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Organisation of human resources

Functional organisation

In many businesses jobs are grouped together into functions. Sometimes these are the same as the departmental structure of the organisation. So, the firm will have a marketing department (function) and finance department (function) etc. This style of organisational structure allows the business to have clearly defined channels of communication and a recognised hierarchy. Roles and responsibilities are known and all employees know who is in charge of what. The decision-making can be focused on a few 'at the top' and is therefore known as centralised.

This 'functional organisation' is a form of organisation adopted by many firms and it has a number of advantages:

  • Accountability - each department will have managers who are responsible for the work of that department.
  • Clarity -it is clear to all employees who is responsible for each area of activity.
  • Specialisation - each department has specialist personnel, who help raise the level of productivity of the firm.

functions.pngHowever, there are disadvantages to this form of organisation:

  • Bureaucracy / lack of flexibility - this form of organisation can be very inflexible as departments have set rules and procedures and may do things the 'department way'.
  • Communication problems - departments may not communicate well with each other, particularly if the firm's communication is essentially top-down in form.
  • Inertia - as with lack of flexibility, departments may be resistant to change, preferring to continue with their existing methods.

Other forms of organisational structure

Other possibilities for the organisation of firms are:

  • Organisation by product - large firms will often have an extensive product range and so they may choose to organise themselves by product or type of product. Each product may even be organised as a separate company all owned by the main holding company. Within each product, the firm may still be organised by function.
  • Organisation by area - firms may decide to organise themselves by region or geographical area. This may help them to be more responsive to local needs and improve their communication within the region.
  • Organisation by customer - where firms have large customers, they may (as with organisation by product) choose to organise themselves by customer. They may still have certain elements of functional organisation (accounts department etc.), but organise themselves as project teams for each customer.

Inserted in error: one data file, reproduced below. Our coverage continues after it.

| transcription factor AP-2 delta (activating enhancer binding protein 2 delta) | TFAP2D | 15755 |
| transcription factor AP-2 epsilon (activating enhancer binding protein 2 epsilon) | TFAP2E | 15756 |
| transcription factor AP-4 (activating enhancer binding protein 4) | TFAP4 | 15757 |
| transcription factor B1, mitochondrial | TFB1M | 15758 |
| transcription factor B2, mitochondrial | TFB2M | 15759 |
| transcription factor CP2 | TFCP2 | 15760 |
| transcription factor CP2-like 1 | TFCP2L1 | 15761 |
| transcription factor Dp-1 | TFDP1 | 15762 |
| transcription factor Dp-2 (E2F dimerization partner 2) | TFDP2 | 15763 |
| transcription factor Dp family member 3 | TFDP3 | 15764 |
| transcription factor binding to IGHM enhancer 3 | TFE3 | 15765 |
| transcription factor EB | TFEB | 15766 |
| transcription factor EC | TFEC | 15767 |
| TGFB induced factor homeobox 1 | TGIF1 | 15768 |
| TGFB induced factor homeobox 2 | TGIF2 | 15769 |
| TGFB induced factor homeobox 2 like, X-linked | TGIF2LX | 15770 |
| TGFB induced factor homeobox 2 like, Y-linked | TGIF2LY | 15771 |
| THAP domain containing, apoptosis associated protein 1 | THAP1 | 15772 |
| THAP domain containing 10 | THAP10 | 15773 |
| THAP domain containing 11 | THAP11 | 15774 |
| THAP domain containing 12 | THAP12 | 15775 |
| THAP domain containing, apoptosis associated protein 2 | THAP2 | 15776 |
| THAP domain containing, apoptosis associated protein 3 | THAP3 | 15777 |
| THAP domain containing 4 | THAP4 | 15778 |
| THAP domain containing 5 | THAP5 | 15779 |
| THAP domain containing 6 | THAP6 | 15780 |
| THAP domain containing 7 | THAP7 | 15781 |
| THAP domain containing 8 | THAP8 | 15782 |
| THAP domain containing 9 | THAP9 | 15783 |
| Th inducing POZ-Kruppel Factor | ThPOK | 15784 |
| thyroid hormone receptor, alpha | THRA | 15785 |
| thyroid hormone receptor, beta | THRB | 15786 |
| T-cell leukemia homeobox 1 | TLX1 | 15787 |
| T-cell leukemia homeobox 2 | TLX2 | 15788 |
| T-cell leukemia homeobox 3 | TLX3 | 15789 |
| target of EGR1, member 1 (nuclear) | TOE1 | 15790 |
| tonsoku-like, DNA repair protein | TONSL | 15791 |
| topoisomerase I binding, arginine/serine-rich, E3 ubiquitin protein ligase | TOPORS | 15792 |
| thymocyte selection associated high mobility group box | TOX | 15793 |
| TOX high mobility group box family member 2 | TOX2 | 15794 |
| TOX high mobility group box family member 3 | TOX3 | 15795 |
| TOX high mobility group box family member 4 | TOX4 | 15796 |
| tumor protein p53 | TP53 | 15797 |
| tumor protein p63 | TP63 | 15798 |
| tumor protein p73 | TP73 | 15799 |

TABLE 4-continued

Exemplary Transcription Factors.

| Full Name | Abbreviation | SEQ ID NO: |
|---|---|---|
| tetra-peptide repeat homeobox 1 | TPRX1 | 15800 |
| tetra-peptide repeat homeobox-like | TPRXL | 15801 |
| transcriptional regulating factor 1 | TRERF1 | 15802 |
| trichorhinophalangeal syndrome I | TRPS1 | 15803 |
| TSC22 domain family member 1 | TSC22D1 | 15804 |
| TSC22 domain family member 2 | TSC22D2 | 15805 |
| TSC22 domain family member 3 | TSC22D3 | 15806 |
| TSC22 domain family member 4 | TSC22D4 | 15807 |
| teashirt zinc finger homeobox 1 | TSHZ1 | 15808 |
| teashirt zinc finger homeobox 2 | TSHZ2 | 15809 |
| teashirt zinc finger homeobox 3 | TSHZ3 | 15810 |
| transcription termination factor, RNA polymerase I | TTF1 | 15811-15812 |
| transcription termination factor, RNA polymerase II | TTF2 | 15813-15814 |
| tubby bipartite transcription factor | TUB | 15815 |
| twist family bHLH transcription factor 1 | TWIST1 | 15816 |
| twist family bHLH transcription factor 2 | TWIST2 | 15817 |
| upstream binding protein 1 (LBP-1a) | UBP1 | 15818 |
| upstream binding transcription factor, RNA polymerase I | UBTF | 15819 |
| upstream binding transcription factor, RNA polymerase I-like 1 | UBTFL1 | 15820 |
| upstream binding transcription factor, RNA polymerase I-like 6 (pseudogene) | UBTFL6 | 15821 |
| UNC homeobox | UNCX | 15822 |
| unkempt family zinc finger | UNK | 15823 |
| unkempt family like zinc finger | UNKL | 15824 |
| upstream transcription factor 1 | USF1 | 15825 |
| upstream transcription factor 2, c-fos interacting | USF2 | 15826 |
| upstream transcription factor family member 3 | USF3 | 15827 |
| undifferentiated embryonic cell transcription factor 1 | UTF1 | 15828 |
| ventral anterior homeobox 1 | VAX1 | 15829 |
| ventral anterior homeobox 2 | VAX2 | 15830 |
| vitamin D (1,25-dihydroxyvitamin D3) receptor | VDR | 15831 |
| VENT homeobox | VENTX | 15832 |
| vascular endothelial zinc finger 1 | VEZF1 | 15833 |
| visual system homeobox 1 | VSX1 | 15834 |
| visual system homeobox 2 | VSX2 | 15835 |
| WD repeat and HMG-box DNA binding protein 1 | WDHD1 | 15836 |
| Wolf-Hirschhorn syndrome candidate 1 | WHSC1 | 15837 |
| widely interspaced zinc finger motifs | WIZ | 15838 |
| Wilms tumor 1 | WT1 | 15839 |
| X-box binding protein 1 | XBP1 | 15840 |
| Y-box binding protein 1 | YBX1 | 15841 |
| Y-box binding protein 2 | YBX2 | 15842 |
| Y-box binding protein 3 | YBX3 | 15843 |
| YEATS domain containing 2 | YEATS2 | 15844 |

Line and staff organisation

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Line and staff

Line departments are involved in making decisions regarding the operation of the organisation, while staff areas provide specialised support. The line-and-staff organisational structure provides specialised, functional assistance to all managers, to ensure adequate checks and balances, and to maintain accountability for results.

A line and staff organisation structure is a combination of functionally based line managers with specialist support staff who have an advisory capacity.

An example of a functional line manager would be the sales manager. Without sales the firm cannot operate, as products and services would not be sold. A specialist staff function is human relations management. Individual line managers could carry out the function of recruitment, but the HRM department has specialists in recruitment and so the function of recruitment may be delegated completely or advice requested as necessary. Support staff form the foundations of the organisation, but do not have a direct role in the production or sale of the product or service

There is potential for conflict between line managers and staff advisors, who may have different interests. The line manager will be focused on the needs of the department or function, whereas the staff advisor may have a wider organisational viewpoint. It is common for the background of these two sets of personnel to be different. Traditional line managers may have worked their way up through the organisation and possess considerable experience and detailed practical knowledge. Staff specialists may be younger and less experienced, having achieved their position through degrees and other professional academic qualifications.